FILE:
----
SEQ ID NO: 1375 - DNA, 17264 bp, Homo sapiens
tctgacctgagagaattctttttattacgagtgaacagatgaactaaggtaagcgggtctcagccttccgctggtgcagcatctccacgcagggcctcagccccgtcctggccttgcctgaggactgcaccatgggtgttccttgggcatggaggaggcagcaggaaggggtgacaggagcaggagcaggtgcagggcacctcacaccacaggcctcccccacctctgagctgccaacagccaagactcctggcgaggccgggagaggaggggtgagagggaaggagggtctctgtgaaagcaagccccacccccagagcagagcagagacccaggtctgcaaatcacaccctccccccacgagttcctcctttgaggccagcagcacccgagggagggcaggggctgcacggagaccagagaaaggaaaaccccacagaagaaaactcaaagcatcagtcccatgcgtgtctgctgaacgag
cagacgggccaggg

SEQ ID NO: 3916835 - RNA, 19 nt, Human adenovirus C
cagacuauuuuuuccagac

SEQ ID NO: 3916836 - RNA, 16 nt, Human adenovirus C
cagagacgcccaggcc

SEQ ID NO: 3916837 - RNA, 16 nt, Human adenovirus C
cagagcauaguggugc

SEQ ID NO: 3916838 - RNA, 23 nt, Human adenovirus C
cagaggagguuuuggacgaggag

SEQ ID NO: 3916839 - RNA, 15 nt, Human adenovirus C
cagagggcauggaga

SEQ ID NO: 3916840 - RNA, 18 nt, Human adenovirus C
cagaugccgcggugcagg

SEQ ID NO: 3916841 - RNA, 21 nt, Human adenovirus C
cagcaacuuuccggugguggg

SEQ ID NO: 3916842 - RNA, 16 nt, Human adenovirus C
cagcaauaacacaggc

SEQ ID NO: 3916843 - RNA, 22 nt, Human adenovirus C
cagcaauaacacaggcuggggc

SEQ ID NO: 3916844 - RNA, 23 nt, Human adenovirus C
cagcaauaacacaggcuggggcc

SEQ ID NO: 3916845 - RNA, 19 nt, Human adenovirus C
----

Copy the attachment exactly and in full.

SEQ ID NO: 1375 - DNA, 17264 bp, Homo sapiens
tctgacctgagagaattctttttattacgagtgaacagatgaactaaggtaagcgggtctcagccttccgctggtgcagcatctccacgcagggcctcagccccgtcctggccttgcctgaggactgcaccatgggtgttccttgggcatggaggaggcagcaggaaggggtgacaggagcaggagcaggtgcagggcacctcacaccacaggcctcccccacctctgagctgccaacagccaagactcctggcgaggccgggagaggaggggtgagagggaaggagggtctctgtgaaagcaagccccacccccagagcagagcagagacccaggtctgcaaatcacaccctccccccacgagttcctcctttgaggccagcagcacccgagggagggcaggggctgcacggagaccagagaaaggaaaaccccacagaagaaaactcaaagcatcagtcccatgcgtgtctgctgaacgag
cagacgggccaggg

SEQ ID NO: 3916835 - RNA, 19 nt, Human adenovirus C
cagacuauuuuuuccagac

SEQ ID NO: 3916836 - RNA, 16 nt, Human adenovirus C
cagagacgcccaggcc

SEQ ID NO: 3916837 - RNA, 16 nt, Human adenovirus C
cagagcauaguggugc

SEQ ID NO: 3916838 - RNA, 23 nt, Human adenovirus C
cagaggagguuuuggacgaggag

SEQ ID NO: 3916839 - RNA, 15 nt, Human adenovirus C
cagagggcauggaga

SEQ ID NO: 3916840 - RNA, 18 nt, Human adenovirus C
cagaugccgcggugcagg

SEQ ID NO: 3916841 - RNA, 21 nt, Human adenovirus C
cagcaacuuuccggugguggg

SEQ ID NO: 3916842 - RNA, 16 nt, Human adenovirus C
cagcaauaacacaggc

SEQ ID NO: 3916843 - RNA, 22 nt, Human adenovirus C
cagcaauaacacaggcuggggc

SEQ ID NO: 3916844 - RNA, 23 nt, Human adenovirus C
cagcaauaacacaggcuggggcc

SEQ ID NO: 3916845 - RNA, 19 nt, Human adenovirus C